Marc Muench has been a professional landscape and sports photographer for over 20 years. After completing his studies at Pasadena Art Center College of Design in the spring of 1989, Marc immediately began photographing for book publishers such as Graphic Arts Center, Browntrout Publishing and Time Inc. Soon after, Marc represented Canon Camera in several ad campaigns, as well as appearing on "Canon Photo Safari" which aired on ESPN outdoor block, for eight straight seasons. Marc is now the "artist in residence" at dgrin.com for Smugmug, where he contributes on a regular basis to the "Muench University" critique thread. He is currently the photo editor of the National Parks guide, published by The American Park Network, which contain many of his images taken throughout the United States National Park system. We asked Marc to share some information from his recent book, Exploring North American Landscapes, and he was kind enough to give us some insight into an image that included the sun directly in the frame.
Marc Muench: "I believe there is an art to exploring. After years of experience, everyone is capable of becoming good at a specific task, and if they also become driven by their discoveries, excitement and love of what they are doing will inspire others to follow.
I was inspired early on by many desert hikes with my parents while my father searched for the perfect images. We spent months in wilderness areas which left me with nothing but time to explore my given surroundings. It was in those early days of my youth when I formed a subconscious vision of my experience. In my attempt to photograph this image, I maintained the relationship between the person within the landscape, which made the subject, the land, and the exploration of the story. In the West, the sunrise is always the revealing moment when, in the transition from night to day, I became energized to continue on.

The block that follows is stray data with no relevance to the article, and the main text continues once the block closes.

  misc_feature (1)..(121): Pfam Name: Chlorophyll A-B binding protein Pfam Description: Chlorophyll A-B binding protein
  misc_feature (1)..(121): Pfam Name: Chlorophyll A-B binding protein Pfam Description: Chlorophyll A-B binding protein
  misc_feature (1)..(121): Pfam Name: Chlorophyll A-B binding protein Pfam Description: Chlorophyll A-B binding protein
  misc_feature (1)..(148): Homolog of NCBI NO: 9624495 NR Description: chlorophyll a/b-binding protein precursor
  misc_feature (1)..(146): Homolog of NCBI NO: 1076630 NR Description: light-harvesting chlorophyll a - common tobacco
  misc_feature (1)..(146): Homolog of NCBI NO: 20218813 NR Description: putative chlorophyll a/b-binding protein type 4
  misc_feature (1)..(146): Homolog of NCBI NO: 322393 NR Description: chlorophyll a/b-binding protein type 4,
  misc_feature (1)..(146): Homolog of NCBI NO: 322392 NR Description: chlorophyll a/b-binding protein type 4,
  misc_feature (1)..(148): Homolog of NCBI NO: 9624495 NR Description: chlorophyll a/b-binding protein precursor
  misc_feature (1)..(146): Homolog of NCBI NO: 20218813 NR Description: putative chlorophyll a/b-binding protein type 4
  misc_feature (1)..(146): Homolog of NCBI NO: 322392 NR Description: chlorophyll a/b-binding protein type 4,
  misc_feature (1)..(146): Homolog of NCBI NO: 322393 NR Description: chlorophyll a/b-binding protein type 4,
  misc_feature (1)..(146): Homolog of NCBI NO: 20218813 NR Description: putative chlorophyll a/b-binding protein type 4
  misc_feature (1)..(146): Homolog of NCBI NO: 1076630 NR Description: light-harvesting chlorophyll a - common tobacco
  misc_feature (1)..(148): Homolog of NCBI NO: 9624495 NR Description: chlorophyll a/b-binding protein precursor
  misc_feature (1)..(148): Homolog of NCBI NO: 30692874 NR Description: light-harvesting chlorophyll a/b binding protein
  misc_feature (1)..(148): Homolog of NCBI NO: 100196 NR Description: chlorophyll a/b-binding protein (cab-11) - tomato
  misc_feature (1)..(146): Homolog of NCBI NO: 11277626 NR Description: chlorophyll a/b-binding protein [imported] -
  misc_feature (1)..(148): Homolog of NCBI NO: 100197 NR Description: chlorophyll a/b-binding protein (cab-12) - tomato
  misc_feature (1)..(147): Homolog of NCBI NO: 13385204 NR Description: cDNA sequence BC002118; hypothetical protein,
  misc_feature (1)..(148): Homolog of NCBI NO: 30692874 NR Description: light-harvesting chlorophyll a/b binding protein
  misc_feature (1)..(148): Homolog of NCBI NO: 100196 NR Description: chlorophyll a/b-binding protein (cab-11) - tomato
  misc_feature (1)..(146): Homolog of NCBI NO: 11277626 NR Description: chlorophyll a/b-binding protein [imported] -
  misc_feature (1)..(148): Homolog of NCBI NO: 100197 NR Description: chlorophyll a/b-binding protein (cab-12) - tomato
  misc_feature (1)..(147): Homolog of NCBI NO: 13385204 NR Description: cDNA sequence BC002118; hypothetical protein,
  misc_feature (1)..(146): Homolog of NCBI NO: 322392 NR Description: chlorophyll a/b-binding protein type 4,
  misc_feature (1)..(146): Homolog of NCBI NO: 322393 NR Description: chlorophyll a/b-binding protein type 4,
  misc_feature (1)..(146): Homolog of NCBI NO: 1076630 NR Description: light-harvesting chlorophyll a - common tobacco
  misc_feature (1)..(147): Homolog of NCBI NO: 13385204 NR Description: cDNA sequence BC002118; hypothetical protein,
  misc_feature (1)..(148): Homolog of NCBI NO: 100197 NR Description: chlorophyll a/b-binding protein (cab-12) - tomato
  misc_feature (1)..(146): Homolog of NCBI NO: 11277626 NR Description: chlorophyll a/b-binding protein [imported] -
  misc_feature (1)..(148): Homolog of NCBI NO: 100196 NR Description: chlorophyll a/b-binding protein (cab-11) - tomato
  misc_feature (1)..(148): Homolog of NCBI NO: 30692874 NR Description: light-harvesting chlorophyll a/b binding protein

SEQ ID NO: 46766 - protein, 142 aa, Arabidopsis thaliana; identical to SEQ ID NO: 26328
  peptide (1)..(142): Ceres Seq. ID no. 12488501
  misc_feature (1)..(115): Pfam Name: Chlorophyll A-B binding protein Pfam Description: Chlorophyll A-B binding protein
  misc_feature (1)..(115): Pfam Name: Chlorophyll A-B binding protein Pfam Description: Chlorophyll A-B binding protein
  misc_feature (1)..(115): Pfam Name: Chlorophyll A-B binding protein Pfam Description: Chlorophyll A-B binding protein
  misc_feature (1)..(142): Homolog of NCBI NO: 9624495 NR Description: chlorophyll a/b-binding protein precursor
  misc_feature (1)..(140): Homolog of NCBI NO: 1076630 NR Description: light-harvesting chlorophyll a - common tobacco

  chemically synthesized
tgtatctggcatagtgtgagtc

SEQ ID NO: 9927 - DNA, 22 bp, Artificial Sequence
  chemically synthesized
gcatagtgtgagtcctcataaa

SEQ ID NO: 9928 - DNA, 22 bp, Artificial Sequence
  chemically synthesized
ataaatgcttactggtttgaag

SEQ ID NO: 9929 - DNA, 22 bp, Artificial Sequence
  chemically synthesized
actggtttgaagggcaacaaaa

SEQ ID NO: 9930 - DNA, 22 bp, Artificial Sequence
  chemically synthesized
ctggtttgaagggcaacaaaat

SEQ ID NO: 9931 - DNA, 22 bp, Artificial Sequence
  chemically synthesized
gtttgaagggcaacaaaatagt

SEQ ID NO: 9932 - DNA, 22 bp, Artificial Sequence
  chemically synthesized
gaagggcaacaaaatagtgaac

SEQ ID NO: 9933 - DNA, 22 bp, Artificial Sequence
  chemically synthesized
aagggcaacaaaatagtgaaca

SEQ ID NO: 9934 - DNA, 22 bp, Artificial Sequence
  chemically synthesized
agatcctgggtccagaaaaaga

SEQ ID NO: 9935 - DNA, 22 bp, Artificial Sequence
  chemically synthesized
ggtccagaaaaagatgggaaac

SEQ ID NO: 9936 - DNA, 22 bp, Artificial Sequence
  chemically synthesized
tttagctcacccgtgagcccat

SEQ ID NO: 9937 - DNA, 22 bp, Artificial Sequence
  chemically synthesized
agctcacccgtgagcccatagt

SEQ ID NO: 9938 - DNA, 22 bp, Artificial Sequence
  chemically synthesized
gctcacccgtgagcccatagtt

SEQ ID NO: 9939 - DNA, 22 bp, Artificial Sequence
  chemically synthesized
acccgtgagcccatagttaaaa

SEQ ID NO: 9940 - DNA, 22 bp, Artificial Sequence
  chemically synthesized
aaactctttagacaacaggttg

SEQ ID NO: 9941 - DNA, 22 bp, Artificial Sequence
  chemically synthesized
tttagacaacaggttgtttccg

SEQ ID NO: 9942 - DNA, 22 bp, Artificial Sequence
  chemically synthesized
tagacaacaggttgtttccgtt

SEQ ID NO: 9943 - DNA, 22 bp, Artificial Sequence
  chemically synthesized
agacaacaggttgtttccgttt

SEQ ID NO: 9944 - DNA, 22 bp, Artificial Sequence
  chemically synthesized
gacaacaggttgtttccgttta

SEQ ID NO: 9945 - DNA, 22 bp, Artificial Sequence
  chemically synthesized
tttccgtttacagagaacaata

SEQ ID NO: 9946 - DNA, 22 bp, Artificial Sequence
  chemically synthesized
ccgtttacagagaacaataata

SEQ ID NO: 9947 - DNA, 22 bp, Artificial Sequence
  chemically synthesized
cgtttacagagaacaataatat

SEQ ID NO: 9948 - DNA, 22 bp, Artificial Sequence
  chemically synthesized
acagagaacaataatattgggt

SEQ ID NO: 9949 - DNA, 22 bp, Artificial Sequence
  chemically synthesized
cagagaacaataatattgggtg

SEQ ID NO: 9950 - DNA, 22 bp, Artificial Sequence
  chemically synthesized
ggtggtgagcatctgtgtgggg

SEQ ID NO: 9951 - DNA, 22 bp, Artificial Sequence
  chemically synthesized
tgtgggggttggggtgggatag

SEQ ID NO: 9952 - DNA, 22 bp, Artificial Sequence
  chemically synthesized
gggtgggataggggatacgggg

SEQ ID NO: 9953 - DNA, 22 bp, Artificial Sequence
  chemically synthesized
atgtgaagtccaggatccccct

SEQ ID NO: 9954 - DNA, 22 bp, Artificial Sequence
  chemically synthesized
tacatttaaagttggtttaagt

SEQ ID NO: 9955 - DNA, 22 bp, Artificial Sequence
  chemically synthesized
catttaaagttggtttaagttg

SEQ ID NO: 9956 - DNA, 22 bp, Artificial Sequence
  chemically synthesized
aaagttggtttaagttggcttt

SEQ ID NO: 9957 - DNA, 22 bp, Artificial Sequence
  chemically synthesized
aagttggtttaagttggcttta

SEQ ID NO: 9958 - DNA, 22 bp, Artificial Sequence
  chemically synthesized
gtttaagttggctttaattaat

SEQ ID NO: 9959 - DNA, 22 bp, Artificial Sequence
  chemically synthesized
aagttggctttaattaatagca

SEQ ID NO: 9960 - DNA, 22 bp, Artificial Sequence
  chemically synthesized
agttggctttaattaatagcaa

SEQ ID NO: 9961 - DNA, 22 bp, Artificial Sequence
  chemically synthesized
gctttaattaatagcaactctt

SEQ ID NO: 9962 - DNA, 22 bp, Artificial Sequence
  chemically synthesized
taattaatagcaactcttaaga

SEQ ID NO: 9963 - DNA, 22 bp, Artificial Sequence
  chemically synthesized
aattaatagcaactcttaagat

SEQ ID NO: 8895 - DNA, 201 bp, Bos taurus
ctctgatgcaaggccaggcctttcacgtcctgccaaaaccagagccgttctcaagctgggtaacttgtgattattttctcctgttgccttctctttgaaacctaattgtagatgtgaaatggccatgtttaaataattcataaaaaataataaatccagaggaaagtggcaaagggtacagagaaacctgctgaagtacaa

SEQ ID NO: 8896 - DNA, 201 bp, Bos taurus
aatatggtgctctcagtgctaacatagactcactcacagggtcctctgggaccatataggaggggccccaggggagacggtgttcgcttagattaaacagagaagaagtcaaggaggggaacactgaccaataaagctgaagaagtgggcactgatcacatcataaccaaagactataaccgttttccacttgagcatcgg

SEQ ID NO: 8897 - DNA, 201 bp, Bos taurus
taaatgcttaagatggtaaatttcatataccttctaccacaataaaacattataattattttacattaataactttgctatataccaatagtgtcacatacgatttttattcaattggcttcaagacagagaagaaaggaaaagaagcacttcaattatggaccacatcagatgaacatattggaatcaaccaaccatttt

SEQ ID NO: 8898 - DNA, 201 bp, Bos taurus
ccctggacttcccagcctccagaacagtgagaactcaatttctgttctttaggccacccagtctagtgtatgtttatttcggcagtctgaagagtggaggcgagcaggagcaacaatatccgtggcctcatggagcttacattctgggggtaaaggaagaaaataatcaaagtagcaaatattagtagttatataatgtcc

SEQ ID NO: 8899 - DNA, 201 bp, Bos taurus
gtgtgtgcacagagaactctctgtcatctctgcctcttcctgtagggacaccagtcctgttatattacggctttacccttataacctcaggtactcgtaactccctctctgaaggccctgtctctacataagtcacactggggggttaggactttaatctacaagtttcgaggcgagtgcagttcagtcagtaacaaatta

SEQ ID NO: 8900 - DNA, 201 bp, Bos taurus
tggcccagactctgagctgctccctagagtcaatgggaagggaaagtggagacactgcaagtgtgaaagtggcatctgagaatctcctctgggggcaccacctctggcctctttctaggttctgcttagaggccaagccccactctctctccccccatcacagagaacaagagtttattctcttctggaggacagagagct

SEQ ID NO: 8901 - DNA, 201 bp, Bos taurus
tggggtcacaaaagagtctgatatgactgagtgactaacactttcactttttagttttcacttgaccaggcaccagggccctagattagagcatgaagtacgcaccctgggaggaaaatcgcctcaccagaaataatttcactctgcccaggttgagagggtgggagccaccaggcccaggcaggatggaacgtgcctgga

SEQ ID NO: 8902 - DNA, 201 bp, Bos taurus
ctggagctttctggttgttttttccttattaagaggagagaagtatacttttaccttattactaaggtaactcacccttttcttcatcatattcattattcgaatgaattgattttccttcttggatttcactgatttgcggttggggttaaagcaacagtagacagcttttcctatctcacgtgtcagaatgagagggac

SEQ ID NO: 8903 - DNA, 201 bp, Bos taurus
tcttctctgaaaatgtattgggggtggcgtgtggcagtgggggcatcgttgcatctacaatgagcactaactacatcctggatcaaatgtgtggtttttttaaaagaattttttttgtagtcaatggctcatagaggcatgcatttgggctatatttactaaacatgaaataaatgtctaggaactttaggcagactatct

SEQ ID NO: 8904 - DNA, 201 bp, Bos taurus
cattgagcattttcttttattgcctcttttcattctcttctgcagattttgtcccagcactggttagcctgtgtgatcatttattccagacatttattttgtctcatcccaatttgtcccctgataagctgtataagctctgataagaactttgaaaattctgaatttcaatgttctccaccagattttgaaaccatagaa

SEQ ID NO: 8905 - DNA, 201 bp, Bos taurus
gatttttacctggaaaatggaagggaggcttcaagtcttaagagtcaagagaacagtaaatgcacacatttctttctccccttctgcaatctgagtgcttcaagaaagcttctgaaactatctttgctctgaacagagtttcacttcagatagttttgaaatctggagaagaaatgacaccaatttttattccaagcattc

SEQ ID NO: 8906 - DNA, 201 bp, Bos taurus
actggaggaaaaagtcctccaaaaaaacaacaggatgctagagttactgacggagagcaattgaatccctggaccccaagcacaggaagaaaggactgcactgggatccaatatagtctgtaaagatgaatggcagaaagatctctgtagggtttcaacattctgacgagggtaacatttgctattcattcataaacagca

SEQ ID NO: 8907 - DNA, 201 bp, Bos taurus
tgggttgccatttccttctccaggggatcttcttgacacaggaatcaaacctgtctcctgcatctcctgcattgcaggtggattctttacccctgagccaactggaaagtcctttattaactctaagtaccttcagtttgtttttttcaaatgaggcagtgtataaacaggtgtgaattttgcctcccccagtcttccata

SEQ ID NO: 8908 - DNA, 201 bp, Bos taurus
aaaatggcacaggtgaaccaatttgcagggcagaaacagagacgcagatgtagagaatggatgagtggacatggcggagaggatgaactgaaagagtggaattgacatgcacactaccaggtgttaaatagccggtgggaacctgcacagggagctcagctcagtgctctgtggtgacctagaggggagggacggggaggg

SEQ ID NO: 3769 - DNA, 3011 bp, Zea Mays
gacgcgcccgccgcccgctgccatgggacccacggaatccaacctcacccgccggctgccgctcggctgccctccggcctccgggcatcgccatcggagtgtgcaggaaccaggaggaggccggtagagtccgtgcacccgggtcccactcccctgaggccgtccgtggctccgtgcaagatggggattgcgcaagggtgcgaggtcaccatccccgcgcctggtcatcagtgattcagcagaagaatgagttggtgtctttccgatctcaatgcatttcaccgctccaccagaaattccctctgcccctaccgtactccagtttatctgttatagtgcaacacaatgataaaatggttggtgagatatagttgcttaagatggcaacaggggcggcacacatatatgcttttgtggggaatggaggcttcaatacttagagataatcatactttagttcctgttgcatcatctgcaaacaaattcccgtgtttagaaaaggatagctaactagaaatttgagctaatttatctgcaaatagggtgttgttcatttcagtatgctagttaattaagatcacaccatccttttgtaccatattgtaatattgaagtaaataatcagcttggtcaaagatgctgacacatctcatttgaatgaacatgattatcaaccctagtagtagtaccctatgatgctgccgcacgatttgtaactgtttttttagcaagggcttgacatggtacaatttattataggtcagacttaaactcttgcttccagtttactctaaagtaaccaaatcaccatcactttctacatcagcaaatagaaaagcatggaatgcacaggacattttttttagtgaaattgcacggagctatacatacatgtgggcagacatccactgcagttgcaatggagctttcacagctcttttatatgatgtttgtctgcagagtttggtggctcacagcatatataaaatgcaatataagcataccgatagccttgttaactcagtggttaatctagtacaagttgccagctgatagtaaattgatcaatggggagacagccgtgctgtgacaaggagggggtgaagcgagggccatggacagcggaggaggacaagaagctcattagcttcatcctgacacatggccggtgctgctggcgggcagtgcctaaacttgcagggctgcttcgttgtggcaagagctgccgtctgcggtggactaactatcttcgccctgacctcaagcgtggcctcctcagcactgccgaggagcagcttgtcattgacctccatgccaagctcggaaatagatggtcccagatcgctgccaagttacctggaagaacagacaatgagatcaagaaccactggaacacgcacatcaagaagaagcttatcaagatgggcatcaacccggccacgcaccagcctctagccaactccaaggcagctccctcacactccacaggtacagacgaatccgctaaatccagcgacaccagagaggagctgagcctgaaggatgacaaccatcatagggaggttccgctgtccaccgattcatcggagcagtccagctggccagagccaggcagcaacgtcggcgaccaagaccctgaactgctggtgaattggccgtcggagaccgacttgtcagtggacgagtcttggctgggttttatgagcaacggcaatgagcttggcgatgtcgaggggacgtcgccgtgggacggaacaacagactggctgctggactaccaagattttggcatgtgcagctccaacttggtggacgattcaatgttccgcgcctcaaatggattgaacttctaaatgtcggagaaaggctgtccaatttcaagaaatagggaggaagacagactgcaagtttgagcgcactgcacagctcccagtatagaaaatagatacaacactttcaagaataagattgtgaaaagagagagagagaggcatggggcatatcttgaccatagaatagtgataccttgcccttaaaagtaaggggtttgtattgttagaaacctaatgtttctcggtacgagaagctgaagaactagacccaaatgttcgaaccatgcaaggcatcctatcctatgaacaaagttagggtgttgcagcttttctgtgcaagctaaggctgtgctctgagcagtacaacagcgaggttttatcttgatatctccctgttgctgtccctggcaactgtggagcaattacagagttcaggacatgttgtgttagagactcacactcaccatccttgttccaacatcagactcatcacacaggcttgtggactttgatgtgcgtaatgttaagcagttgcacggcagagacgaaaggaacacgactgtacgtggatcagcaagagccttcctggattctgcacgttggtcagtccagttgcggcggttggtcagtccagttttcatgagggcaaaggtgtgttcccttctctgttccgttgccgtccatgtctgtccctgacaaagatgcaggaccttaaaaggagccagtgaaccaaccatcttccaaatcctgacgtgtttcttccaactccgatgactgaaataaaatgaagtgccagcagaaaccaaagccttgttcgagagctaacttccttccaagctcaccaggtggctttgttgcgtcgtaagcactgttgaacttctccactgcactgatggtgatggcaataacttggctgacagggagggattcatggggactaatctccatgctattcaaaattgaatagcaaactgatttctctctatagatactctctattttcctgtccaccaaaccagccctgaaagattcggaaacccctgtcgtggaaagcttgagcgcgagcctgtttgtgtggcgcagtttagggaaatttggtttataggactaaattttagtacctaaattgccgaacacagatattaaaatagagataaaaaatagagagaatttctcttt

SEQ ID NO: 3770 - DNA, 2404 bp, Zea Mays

I wanted the sun to be larger than the person, allowing the action of the person to be more apparent than the person himself. In order to accomplish this, I needed the right stage, and there is no better stage than Vermillion Cliffs, a thousand foot cliff which to this day remains wilderness. The next challenge was to capture the wide dynamic range of the scene without compromising the most important aspect, the person and the sun! I chose the Canon 17-40mm lens to compose a large vista and allow for a large sun star. Since the camera was pointed directly into the sun, I removed all filters and chose a small aperture to create the large sun star. I could have simply taken a burst of three bracketed exposures and been done with it, but this would have not have given me the best shadow detail without flares and glare.
I chose to concentrate on the action shot first asking my helpful friend to make a few passes. Then with the exposure 2 stops brighter/slower shutter speed, I moved my fingers carefully over the location of the sun within the composition. I actually prefer using the viewfinder for this method as the sun shines directly into your face while attempting to view the LCD. I then stacked the two files into Photoshop and manually blended them using a method I write about in my book, Exploring North American Landscapes."